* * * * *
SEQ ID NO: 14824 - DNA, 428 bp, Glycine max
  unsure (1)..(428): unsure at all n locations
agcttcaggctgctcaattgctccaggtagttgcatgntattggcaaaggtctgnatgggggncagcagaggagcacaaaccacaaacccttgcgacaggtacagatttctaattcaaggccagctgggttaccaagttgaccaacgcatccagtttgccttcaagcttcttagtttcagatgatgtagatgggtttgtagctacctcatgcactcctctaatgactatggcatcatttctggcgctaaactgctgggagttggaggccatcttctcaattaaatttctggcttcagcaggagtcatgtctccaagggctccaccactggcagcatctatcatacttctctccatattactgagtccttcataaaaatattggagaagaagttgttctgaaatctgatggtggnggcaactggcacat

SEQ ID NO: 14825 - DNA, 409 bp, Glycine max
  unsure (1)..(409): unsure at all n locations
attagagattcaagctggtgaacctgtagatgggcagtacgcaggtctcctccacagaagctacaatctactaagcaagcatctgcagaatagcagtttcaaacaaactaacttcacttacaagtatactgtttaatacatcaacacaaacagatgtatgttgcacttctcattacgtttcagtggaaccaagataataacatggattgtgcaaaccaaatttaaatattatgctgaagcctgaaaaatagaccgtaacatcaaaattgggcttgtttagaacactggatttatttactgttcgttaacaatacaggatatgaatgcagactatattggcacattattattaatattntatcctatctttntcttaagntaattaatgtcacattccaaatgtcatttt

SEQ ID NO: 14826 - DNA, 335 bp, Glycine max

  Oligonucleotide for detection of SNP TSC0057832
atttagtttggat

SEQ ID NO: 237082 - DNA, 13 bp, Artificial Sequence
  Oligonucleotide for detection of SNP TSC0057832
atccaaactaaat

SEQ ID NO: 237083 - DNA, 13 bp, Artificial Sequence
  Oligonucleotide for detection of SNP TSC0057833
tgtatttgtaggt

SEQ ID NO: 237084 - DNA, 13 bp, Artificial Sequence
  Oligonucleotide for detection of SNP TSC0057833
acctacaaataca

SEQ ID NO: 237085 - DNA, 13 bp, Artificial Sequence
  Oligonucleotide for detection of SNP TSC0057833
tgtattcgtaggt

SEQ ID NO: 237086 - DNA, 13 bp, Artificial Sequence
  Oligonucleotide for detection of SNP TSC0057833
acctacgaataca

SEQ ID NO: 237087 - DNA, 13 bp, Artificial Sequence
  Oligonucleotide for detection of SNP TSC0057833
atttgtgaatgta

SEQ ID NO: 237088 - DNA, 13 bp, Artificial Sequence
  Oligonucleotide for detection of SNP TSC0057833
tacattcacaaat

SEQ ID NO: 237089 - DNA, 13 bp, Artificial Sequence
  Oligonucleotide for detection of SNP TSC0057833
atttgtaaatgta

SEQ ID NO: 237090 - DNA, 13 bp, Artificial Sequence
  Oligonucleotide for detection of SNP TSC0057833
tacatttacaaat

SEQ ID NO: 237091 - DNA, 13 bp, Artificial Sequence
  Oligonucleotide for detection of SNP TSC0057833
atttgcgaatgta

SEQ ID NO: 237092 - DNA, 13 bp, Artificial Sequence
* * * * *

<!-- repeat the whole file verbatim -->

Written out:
SEQ ID NO: 14824 - DNA, 428 bp, Glycine max
  unsure (1)..(428): unsure at all n locations
agcttcaggctgctcaattgctccaggtagttgcatgntattggcaaaggtctgnatgggggncagcagaggagcacaaaccacaaacccttgcgacaggtacagatttctaattcaaggccagctgggttaccaagttgaccaacgcatccagtttgccttcaagcttcttagtttcagatgatgtagatgggtttgtagctacctcatgcactcctctaatgactatggcatcatttctggcgctaaactgctgggagttggaggccatcttctcaattaaatttctggcttcagcaggagtcatgtctccaagggctccaccactggcagcatctatcatacttctctccatattactgagtccttcataaaaatattggagaagaagttgttctgaaatctgatggtggnggcaactggcacat

SEQ ID NO: 14825 - DNA, 409 bp, Glycine max
  unsure (1)..(409): unsure at all n locations
attagagattcaagctggtgaacctgtagatgggcagtacgcaggtctcctccacagaagctacaatctactaagcaagcatctgcagaatagcagtttcaaacaaactaacttcacttacaagtatactgtttaatacatcaacacaaacagatgtatgttgcacttctcattacgtttcagtggaaccaagataataacatggattgtgcaaaccaaatttaaatattatgctgaagcctgaaaaatagaccgtaacatcaaaattgggcttgtttagaacactggatttatttactgttcgttaacaatacaggatatgaatgcagactatattggcacattattattaatattntatcctatctttntcttaagntaattaatgtcacattccaaatgtcatttt

SEQ ID NO: 14826 - DNA, 335 bp, Glycine max

  Oligonucleotide for detection of SNP TSC0057832
atttagtttggat

SEQ ID NO: 237082 - DNA, 13 bp, Artificial Sequence
  Oligonucleotide for detection of SNP TSC0057832
atccaaactaaat

SEQ ID NO: 237083 - DNA, 13 bp, Artificial Sequence
  Oligonucleotide for detection of SNP TSC0057833
tgtatttgtaggt

SEQ ID NO: 237084 - DNA, 13 bp, Artificial Sequence
  Oligonucleotide for detection of SNP TSC0057833
acctacaaataca

SEQ ID NO: 237085 - DNA, 13 bp, Artificial Sequence
  Oligonucleotide for detection of SNP TSC0057833
tgtattcgtaggt

SEQ ID NO: 237086 - DNA, 13 bp, Artificial Sequence
  Oligonucleotide for detection of SNP TSC0057833
acctacgaataca

SEQ ID NO: 237087 - DNA, 13 bp, Artificial Sequence
  Oligonucleotide for detection of SNP TSC0057833
atttgtgaatgta

SEQ ID NO: 237088 - DNA, 13 bp, Artificial Sequence
  Oligonucleotide for detection of SNP TSC0057833
tacattcacaaat

SEQ ID NO: 237089 - DNA, 13 bp, Artificial Sequence
  Oligonucleotide for detection of SNP TSC0057833
atttgtaaatgta

SEQ ID NO: 237090 - DNA, 13 bp, Artificial Sequence
  Oligonucleotide for detection of SNP TSC0057833
tacatttacaaat

SEQ ID NO: 237091 - DNA, 13 bp, Artificial Sequence
  Oligonucleotide for detection of SNP TSC0057833
atttgcgaatgta

SEQ ID NO: 237092 - DNA, 13 bp, Artificial Sequence